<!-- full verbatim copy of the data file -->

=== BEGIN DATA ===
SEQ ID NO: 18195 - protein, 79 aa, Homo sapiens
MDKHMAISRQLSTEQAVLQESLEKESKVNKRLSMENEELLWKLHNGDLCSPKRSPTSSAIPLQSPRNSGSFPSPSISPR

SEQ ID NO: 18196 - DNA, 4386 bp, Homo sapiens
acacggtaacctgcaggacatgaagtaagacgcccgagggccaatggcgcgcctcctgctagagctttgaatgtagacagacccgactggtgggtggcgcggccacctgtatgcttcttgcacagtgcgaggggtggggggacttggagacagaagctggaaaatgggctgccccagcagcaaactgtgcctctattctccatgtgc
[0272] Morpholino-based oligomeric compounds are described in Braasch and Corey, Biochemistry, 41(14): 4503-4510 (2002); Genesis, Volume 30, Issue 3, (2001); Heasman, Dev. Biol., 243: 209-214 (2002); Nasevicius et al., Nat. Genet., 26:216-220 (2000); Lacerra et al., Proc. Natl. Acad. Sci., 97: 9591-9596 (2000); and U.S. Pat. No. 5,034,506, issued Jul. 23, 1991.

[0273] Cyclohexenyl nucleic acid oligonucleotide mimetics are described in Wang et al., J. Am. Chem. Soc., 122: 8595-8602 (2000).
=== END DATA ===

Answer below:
SEQ ID NO: 18195 - protein, 79 aa, Homo sapiens
MDKHMAISRQLSTEQAVLQESLEKESKVNKRLSMENEELLWKLHNGDLCSPKRSPTSSAIPLQSPRNSGSFPSPSISPR

SEQ ID NO: 18196 - DNA, 4386 bp, Homo sapiens
acacggtaacctgcaggacatgaagtaagacgcccgagggccaatggcgcgcctcctgctagagctttgaatgtagacagacccgactggtgggtggcgcggccacctgtatgcttcttgcacagtgcgaggggtggggggacttggagacagaagctggaaaatgggctgccccagcagcaaactgtgcctctattctccatgtgc
[0272] Morpholino-based oligomeric compounds are described in Braasch and Corey, Biochemistry, 41(14): 4503-4510 (2002); Genesis, Volume 30, Issue 3, (2001); Heasman, Dev. Biol., 243: 209-214 (2002); Nasevicius et al., Nat. Genet., 26:216-220 (2000); Lacerra et al., Proc. Natl. Acad. Sci., 97: 9591-9596 (2000); and U.S. Pat. No. 5,034,506, issued Jul. 23, 1991.

[0273] Cyclohexenyl nucleic acid oligonucleotide mimetics are described in Wang et al., J. Am. Chem. Soc., 122: 8595-8602 (2000).